Bank of Canada Paper Money
Value of Bank Notes from The Bank of Canada
The Bank of Canada opened for business on March 11, 1935. The earliest bank notes printed by the bank are dated as 1935 and refernce the bank location in Ottawa. Currency from 1935 and 1937 is going to have at least some collector value no matter the condition or denomination. A general rule of thumb is that high grade notes and high denomination notes are far scarcer than low grade and low denomination notes (of course there are always exceptions). Bank notes from 1954 can be valuable if they are the devil’s face variety. Money printed after 1954 isn’t especially valuable. We have organized our Bank of Canada bank note guide by year and then by denomination. We provide free appraisals and purchase most bank notes. Please send us an email and tell us what you have. We will quick respond with our buy price. Manning@CanadaCurrency.com
Bank of Canada Currency from 1935
The Bank of Canada first issued paper money for the Canadian government in 1935. Ten different denominations were printed. The $25 bill is possibly the most interesting bank note from the series (surprisingly though, it wasn't the first time such a denomination was used in Canada). Five hundred dollar bills from 1935 are definitely the rarest for the series year. Most $500 bills are worth more than $25,000. Values for any denomination are really just based on condition. High grade bank notes are worth more than low grade bank notes. Click on an image below to learn more about exact pricing. Be sure you have a Bank of Canada note (English version) and not a Banque Du Canada (French version) note. The designs are the similar, but the values are very different. We have a separate guide for currency from La Banque Du Canada.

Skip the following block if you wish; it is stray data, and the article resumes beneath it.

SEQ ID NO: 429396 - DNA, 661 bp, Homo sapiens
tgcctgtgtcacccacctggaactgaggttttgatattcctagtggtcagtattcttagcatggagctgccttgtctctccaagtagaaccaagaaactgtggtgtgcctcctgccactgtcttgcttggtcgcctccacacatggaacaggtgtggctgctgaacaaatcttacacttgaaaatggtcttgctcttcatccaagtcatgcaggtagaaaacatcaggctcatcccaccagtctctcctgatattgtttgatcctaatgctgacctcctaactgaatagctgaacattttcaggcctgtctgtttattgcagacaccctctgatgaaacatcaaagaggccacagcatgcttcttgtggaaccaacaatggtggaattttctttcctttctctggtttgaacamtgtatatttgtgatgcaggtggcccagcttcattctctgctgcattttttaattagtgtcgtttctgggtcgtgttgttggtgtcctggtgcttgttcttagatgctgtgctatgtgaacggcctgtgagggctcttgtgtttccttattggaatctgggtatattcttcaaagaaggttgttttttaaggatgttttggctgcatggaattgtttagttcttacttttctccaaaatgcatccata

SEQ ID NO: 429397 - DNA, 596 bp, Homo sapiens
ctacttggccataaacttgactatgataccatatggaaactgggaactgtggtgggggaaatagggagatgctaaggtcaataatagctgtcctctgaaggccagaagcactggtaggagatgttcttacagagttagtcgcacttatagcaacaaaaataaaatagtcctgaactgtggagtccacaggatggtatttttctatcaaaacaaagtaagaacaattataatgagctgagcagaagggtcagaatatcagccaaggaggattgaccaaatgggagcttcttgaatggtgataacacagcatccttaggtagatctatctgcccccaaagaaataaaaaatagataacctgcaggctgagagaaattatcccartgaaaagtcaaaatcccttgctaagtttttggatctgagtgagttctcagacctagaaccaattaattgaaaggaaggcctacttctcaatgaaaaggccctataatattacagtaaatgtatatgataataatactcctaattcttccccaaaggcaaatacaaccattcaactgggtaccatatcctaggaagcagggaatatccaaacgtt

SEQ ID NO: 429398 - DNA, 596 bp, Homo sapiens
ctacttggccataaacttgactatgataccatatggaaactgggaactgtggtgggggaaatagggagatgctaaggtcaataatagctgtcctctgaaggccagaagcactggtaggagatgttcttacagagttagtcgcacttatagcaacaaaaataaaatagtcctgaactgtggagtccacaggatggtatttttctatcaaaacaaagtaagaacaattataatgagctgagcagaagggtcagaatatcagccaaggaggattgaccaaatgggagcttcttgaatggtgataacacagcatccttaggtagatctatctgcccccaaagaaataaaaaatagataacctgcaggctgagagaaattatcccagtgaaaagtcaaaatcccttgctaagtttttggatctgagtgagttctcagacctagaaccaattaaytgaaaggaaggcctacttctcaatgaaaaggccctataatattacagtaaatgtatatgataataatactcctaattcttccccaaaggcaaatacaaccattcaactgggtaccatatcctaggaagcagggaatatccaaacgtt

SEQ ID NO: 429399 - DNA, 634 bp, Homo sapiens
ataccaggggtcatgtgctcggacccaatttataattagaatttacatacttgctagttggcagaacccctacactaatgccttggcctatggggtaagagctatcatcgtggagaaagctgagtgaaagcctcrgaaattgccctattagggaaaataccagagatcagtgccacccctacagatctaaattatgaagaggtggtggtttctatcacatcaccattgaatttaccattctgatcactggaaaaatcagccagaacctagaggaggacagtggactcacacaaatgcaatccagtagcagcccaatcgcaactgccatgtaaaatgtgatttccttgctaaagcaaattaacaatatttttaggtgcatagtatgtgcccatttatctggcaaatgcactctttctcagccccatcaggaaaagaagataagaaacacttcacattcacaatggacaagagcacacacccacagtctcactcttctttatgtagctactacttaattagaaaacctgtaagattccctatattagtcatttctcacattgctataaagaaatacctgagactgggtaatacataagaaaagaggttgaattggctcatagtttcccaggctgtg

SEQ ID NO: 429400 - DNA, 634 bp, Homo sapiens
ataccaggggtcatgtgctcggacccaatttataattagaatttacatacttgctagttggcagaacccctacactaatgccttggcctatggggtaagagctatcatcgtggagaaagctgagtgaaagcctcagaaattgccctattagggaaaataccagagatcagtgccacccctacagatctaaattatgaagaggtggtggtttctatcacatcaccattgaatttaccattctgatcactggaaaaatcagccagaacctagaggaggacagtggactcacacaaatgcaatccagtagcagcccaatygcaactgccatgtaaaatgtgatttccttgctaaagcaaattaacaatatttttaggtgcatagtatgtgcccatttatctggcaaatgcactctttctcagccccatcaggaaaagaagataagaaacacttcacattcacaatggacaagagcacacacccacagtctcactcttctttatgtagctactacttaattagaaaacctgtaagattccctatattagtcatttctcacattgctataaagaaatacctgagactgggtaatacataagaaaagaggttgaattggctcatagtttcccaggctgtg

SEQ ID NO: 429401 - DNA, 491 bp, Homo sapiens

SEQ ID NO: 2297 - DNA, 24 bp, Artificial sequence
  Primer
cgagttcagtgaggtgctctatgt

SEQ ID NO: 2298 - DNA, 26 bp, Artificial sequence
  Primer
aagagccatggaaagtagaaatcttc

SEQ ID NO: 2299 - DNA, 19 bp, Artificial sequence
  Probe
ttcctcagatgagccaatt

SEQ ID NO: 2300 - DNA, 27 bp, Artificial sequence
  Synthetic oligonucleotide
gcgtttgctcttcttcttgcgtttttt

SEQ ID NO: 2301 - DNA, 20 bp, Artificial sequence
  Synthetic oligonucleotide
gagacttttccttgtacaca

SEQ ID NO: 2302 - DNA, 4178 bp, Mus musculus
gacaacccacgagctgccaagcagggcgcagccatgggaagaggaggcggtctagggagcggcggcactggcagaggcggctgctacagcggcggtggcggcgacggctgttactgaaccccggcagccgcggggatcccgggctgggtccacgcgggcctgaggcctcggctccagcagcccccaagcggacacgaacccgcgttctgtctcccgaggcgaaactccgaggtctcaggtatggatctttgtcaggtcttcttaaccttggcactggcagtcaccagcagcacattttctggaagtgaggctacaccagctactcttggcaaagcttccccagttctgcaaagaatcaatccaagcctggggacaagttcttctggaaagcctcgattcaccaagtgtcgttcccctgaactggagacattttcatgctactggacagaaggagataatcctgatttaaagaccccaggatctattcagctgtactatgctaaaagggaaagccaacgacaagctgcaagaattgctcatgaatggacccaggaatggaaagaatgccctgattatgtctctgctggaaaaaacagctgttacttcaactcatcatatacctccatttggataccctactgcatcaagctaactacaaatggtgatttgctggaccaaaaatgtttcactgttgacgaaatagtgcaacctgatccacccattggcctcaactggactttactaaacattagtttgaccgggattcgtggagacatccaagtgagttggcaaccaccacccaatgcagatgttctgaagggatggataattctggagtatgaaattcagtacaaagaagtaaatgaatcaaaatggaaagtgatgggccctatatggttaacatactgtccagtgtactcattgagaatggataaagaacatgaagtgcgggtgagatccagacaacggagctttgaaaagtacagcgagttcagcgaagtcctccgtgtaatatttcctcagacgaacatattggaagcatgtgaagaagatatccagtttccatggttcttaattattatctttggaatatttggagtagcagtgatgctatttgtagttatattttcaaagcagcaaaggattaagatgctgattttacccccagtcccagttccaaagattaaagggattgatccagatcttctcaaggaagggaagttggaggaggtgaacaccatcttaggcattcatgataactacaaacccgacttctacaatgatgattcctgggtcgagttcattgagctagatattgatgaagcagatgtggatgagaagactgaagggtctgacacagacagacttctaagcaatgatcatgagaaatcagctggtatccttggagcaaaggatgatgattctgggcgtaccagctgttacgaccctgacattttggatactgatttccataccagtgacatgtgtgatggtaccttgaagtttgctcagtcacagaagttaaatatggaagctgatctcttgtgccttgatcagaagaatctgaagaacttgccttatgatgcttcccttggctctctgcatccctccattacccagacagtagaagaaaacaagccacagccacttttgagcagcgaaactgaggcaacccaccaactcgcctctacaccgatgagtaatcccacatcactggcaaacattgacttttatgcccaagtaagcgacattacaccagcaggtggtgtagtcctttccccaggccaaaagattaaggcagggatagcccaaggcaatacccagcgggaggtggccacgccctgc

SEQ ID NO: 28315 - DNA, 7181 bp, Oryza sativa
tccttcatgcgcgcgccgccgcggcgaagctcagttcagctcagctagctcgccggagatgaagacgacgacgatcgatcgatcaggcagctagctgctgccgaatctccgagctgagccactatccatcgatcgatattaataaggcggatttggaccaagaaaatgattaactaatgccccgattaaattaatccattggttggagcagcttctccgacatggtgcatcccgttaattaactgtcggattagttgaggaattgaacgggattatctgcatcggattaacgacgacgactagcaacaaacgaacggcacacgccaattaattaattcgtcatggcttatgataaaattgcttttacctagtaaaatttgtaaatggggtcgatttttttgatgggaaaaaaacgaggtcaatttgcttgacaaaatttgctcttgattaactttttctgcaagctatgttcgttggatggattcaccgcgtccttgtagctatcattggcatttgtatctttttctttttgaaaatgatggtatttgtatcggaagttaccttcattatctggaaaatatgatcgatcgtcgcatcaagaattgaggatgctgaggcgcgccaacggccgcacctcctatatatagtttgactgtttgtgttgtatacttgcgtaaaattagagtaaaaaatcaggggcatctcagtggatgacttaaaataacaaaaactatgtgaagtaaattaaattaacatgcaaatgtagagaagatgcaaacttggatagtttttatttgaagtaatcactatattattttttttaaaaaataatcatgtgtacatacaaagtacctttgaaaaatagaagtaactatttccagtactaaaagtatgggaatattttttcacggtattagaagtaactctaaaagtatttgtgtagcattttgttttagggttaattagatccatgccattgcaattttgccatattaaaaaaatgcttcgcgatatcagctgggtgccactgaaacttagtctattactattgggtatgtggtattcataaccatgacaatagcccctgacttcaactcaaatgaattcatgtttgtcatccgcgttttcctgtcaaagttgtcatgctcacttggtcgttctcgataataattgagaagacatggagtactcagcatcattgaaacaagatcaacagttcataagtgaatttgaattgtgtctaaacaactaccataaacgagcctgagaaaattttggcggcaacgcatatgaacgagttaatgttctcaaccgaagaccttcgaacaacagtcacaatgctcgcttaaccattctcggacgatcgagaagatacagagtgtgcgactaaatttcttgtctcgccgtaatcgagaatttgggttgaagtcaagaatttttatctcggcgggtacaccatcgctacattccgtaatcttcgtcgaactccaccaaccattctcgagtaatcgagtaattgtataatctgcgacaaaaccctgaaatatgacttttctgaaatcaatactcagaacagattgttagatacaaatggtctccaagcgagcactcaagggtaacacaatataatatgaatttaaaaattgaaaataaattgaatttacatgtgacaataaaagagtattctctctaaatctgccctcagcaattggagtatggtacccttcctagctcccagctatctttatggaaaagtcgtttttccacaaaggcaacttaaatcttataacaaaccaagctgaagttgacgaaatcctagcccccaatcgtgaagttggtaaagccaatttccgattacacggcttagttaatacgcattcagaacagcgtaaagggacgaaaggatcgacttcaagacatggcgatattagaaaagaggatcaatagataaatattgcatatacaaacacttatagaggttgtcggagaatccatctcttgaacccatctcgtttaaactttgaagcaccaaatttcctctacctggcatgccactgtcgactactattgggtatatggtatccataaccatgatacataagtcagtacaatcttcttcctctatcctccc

Bank of Canada Currency from 1937
Bank notes from 1937 are called bilingual notes because one side is in French and the other side is in English. Two years earlier, individual bank notes were printed for each language. That method proved to be very expensive, so The Bank of Canada started issuing the bilingual notes in 1937. Both the Canadian Bank Note Company and The British American Bank Note Company were responsible for printing their assigned denominations. Each note definitely has the chance to be rare and valuable. The value of each bank note is based on the signature combination and condition. There are some serial number oddities and printing varieties that can add further value. Click on your bank note below to learn more about how to value each denomination.
Bank of Canada Currency from 1954
Most collectors know that when you are dealing with currency The Bank of Canada issued in 1954 that you want to look for "devil's face" or "devil's head" bank notes. These are the first version of bank notes printed in 1954 and they are much rarer than "modified portrait" notes. Devil's face notes show what appears to be a snarled and evil face in Queen Elizabeth's hair. The hook nose is the easiest sign to spot. Devil's face bank notes in high grades for the higher denominations are very rare and worth lots of money. The Queen and Canadian public didn't like to see a satanic symbol on their circulating currency, so the Devil's face was removed shortly after the first notes were issued. The value of any 1954 Canadian bank note is still based on the denomination, serial number, and condition. Send us pictures of your note if you need an exact appraisal.
Bank of Canada Currency from 1967 and Newer
Our guide is focused on rare and collectible currency. If you have a Canadian bank note from The Bank of Canada that was printed after 1966, then it really doesn't have much of a chance to be collectible. These are just too new and were printed in large enough quantities that they aren't rare. We do not buy or value anything that is newer than 1954.